5 LESSONS ABOUT HOW TO GET RICH FROM BEST-SELLER “RICH DAD, POOR DAD
If you have ever searched “best personal finance books to read” on Google, you have most likely seen the title “Rich Dad, Poor Dad” appear at the very top.
The book, written by Robert T. Kiyosaki and Sharon L. Lechter, has reportedly sold more than 32 million copies in 40 languages across 40 countries since it was published in 2002.
“Rich Dad, Poor Dad” is an allegorical story about Robert Kiyosaki and his two dads, and how growing up with them shaped his financial views.
The “poor dad” is Kiyosaki’s biological father, a highly educated college professor. The “rich dad” is Kiyosaki’s best friend’s father, a wealthy entrepreneur who owns dozens of businesses. Both dads offer conflicting advice on money.
*“Poor dad” mentality*
“Poor dad” believes that one should work for money as a single-salaried employee at a stable job, and that a person’s wealth largely depends on their family background.
He believes that the most important things you can do to financially survive (or accumulate wealth) is to read and learn from successful people.
Many people think this mentality can trap a person into working a job they don’t love, but willing to stick with because they have to pay the bills.
*“Rich dad” mentality*
“Rich dad” advises Kiyosaki to get a job so he can learn the skills required to be an entrepreneur. Wealth comes from experience-based learning and multiple income streams.
When the “poor dad” encourages working your way up the ladder, “rich dad” laughs and says, “Why not own the ladder?”
While the advice in “Rich Dad, Poor Dad” — and from Kiyosaki himself — has garnered some controversial attention, the book does offer a handful of powerful lessons that can be useful to anyone looking broaden their views on money.
Here are some essential takeaways:
*1. The rich buy assets, not liabilities*
An asset is anything that puts money into your pocket, like a bond or house (that you purchase or build and then rent out to other people). A liability is anything that costs you money because it loses value over time, like an expensive car or television set.
It’s important to be able to distinguish the two. “The rich buy assets. The poor only have expenses. The middle class buy liabilities they think are assets,” writes Kiyosaki.
*2. Financial literacy can only be learned through experience*
The well-educated “poor dad” says, “Studying hard and getting good grades is the only way to secure a good job at a big company with excellent benefits. But the “rich dad” says that the most important goal is to learn how money works so that you can make it work for you.
To be financially smart, Kiyosaki says you must master accounting, investing, markets and the law. The more you broaden your skills, the more successful you will be.
*3. Learn to sell*
In the book, a woman with a master’s degree in English literature asks Kiyosaki how she can become a best-selling author.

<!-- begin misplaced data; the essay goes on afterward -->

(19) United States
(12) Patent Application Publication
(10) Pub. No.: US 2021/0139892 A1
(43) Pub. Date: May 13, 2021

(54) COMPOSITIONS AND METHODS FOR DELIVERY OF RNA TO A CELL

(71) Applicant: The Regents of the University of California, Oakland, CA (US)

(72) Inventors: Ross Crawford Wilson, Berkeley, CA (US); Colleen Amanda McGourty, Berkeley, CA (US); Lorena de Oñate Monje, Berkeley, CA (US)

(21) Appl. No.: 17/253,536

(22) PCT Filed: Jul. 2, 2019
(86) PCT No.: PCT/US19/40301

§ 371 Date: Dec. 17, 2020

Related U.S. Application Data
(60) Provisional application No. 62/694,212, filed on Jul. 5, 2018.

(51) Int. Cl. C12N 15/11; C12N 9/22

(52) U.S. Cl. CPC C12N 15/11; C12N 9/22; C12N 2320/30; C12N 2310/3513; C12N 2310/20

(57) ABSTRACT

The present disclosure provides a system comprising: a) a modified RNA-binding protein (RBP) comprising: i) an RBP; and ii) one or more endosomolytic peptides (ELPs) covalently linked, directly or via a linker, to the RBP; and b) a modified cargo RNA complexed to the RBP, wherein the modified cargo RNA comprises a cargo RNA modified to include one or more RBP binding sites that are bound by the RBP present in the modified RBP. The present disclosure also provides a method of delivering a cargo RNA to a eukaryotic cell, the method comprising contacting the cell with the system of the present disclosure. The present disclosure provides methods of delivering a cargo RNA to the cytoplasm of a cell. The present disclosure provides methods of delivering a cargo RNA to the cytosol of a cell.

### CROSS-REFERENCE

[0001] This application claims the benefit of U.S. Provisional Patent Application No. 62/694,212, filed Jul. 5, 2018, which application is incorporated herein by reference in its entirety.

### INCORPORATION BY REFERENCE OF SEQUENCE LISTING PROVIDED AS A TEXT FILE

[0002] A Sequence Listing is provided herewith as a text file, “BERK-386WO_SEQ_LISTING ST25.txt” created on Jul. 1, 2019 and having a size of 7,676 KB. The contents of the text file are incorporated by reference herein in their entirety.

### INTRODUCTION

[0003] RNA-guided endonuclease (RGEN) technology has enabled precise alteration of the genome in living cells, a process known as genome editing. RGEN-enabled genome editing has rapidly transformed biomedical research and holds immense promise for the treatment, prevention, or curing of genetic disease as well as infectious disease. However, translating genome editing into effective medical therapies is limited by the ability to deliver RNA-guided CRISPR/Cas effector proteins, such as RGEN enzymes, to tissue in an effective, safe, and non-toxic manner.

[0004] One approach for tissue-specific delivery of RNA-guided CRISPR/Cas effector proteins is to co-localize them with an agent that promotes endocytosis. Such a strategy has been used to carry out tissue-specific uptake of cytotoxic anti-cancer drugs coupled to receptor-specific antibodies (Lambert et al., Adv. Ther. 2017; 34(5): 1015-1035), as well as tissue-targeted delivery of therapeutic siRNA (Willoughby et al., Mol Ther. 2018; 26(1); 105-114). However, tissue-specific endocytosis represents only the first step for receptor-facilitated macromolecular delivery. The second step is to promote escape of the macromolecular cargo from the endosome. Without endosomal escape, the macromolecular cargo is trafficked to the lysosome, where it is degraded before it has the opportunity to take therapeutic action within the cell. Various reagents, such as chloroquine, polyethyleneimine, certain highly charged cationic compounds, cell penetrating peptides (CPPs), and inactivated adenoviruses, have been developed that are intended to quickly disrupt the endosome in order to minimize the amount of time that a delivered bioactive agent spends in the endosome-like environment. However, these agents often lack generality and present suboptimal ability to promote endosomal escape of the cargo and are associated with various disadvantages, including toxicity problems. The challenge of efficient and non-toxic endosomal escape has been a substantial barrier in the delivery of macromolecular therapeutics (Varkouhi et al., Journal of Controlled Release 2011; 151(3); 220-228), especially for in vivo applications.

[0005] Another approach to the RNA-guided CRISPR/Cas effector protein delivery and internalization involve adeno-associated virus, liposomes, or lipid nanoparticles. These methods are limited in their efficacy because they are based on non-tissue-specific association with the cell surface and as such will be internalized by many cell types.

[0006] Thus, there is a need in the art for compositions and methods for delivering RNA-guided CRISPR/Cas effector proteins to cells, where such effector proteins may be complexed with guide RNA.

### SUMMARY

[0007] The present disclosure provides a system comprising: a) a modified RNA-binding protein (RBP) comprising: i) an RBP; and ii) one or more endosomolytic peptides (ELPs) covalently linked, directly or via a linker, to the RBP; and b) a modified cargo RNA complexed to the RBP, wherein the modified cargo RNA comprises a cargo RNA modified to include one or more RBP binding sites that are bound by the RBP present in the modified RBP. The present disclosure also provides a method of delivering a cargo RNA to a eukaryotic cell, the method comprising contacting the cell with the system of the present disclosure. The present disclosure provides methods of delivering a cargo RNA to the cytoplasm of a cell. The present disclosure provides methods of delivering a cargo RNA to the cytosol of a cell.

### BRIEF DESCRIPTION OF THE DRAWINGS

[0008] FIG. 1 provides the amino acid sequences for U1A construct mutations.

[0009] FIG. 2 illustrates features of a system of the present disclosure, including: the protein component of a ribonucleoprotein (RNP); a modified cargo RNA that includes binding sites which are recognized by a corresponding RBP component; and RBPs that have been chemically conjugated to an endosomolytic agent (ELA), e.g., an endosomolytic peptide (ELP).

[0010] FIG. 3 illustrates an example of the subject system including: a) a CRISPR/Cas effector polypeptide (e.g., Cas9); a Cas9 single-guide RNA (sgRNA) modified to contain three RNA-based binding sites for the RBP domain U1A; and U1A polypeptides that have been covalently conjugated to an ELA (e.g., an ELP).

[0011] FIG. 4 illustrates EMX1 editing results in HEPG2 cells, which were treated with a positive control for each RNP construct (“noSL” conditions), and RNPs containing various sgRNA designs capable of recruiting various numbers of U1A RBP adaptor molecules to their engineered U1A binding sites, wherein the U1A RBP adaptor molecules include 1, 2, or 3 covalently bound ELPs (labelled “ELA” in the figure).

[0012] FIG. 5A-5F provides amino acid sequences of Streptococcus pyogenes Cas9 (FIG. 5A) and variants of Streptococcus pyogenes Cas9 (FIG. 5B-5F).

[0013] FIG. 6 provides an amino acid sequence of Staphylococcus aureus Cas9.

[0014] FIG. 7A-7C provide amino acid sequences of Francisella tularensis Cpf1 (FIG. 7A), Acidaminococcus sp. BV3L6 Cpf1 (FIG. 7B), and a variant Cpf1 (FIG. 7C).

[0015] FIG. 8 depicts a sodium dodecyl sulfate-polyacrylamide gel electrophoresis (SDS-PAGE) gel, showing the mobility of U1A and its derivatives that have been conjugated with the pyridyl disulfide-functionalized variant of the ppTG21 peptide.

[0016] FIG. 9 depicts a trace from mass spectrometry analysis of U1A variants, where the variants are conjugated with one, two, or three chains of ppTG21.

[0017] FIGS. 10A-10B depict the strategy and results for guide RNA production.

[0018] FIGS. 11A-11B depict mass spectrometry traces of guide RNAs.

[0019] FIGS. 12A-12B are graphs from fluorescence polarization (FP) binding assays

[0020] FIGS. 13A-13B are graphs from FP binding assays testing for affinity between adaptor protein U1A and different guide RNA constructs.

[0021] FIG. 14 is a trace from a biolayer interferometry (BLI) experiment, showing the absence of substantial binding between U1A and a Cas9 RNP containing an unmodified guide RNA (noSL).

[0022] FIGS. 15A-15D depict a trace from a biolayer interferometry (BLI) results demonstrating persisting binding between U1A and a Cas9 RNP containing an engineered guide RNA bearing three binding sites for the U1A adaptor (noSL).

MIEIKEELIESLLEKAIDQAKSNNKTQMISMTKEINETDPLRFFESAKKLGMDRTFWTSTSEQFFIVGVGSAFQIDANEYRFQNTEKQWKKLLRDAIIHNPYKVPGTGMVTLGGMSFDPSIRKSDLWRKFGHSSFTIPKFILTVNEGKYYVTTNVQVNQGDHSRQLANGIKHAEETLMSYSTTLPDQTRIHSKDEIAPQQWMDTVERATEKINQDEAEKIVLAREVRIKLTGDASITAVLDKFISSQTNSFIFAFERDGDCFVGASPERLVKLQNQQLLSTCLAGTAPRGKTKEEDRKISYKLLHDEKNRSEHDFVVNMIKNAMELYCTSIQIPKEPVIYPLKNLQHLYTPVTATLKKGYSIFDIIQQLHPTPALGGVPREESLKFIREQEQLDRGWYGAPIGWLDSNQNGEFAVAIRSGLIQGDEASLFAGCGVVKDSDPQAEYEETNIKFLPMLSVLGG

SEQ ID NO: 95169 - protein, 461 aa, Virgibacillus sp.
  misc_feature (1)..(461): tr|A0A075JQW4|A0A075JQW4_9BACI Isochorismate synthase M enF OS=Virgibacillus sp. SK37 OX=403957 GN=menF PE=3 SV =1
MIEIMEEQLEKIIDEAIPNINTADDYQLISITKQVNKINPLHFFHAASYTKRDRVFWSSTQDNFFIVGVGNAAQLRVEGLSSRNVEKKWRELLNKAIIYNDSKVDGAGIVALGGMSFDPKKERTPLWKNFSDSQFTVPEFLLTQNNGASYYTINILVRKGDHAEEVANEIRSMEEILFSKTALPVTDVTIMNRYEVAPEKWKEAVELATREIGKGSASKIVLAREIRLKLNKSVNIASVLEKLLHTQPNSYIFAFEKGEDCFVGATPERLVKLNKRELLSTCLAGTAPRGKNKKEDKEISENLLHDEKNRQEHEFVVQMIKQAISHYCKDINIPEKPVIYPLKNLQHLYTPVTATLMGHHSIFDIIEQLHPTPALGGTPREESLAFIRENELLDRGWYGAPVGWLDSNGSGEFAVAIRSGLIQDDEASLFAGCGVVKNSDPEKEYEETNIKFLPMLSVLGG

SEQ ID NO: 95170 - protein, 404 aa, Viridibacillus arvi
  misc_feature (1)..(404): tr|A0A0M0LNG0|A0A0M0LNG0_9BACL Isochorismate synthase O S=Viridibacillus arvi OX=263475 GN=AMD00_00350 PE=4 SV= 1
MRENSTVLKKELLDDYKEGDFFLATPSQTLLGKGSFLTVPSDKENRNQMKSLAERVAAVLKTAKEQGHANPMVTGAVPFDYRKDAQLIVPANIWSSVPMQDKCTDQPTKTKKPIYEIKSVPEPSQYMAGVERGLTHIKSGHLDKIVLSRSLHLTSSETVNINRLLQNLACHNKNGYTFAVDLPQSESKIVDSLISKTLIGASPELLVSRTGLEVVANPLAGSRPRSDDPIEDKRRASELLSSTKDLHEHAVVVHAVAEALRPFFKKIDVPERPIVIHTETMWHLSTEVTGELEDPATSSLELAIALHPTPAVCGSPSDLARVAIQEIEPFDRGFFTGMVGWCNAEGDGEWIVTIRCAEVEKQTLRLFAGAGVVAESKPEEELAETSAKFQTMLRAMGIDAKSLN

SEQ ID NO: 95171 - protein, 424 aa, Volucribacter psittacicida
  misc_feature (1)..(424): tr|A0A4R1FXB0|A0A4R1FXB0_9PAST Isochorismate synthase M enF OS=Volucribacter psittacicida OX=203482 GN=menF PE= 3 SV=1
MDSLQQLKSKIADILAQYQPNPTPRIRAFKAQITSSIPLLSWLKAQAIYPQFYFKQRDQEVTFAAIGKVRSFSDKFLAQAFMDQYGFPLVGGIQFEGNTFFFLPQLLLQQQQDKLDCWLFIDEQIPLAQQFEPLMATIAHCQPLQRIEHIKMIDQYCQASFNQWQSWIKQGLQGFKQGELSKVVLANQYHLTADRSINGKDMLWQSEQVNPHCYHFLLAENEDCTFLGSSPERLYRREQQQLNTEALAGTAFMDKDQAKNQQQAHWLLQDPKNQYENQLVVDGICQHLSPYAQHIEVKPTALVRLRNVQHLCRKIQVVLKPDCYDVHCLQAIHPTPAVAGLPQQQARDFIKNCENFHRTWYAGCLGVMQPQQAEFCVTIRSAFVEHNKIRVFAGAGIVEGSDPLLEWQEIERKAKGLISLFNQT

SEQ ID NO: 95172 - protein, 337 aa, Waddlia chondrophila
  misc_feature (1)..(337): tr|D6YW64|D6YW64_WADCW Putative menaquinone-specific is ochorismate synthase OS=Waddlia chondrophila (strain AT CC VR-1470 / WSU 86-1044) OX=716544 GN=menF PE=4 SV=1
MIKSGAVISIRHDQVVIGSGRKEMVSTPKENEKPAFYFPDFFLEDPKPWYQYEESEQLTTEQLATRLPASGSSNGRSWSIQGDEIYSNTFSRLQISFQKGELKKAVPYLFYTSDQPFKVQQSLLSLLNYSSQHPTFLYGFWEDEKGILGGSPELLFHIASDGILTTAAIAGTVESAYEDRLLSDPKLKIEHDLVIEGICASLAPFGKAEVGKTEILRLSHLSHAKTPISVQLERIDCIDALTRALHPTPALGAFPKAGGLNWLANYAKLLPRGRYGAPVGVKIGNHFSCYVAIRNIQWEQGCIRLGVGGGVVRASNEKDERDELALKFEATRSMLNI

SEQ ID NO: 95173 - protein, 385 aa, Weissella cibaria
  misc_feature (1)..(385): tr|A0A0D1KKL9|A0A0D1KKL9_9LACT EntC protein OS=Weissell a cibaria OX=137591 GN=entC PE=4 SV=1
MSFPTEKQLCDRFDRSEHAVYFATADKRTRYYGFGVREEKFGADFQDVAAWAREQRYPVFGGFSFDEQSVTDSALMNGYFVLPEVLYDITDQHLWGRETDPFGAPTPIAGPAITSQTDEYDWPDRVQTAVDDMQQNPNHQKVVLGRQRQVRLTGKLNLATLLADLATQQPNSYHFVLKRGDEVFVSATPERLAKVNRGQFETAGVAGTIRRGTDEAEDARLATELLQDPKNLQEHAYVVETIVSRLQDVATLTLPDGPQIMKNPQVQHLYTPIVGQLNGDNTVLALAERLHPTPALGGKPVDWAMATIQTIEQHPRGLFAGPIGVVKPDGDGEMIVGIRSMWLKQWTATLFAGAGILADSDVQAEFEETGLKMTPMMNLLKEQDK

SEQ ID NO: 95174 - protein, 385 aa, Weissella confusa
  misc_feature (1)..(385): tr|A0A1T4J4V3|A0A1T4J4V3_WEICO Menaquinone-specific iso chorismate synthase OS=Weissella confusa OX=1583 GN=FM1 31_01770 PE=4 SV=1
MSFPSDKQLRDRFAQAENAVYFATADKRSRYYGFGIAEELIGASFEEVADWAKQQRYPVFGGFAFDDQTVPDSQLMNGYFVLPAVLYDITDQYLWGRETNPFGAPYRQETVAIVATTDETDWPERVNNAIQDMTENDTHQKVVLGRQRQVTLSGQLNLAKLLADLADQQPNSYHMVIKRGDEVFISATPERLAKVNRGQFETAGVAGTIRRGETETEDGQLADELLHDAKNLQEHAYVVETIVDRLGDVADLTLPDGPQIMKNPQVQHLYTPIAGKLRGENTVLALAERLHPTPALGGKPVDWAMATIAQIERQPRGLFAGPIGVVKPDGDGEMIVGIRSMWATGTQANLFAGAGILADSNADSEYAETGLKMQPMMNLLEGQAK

He tells her to enroll in a sales-training course.
Shocked by his answer, she says, “You aren’t serious, are you…”
Kiyosaki picks up a book on the coffee table and says, “There’s a reason successful books say ‘best-selling author,’ not ‘best-writing author.’”
Selling is a crucial skill if you want to be rich, he explains. Get out of your comfort zone, practice selling and network. If you don’t, you’ll never be able to run your own business.
*4. Fear and self-doubt are your greatest barriers to success*
The primary difference between the rich and the poor is how they manage fear.
“Poor dad” keeps it safe and avoids risks. This perspective can be costly in the long-run.
“Often in the real world, it’s not the smart who get ahead, but the bold,” says “rich dad.”
*5. Always think in terms of opportunities*
The “rich dad” forbids his kids from saying, “I can’t afford it.” Instead, he tells them to say, “How can I afford it?”
The first phrase shuts down a person’s brain, and they no longer have to think. The second one opens up “possibilities, excitement and dreams.”
It forces the brain to search for answers.
Kiyosaki learns that the “primary reason the majority of the poor and middle class are fiscally conservative—which means, ‘I can’t afford to take risks’—is that they have no financial foundation.”
Most people would want to be rich – or at least earn enough to not have to worry about meeting their bills every month.
However, many of us die without ever having this become our reality.
And then there are those who go to school to find a safe, reliable job, with benefits and a promotional structure, take that type of job, save their money little by little, pay their bills and expenses first, and then spend what they have left over last.
They repeat this cycle for the rest of their working lives, but this ultimately never allows them to get ahead or become financially independent.
Kiyosaki grew up with two father figures: ‘Poor dad’ who was his real father and died with bills to pay; and ‘rich dad’ who started with little before becoming one of the richest men in Hawaii.
“I noticed that my poor dad was poor not because of the amount of money he earned, which was significant, but because of his thoughts and actions,”
The bottom line is that taking a calculated risk can help you to build wealth. And you become smarter with each experience.
Business Man & Mentor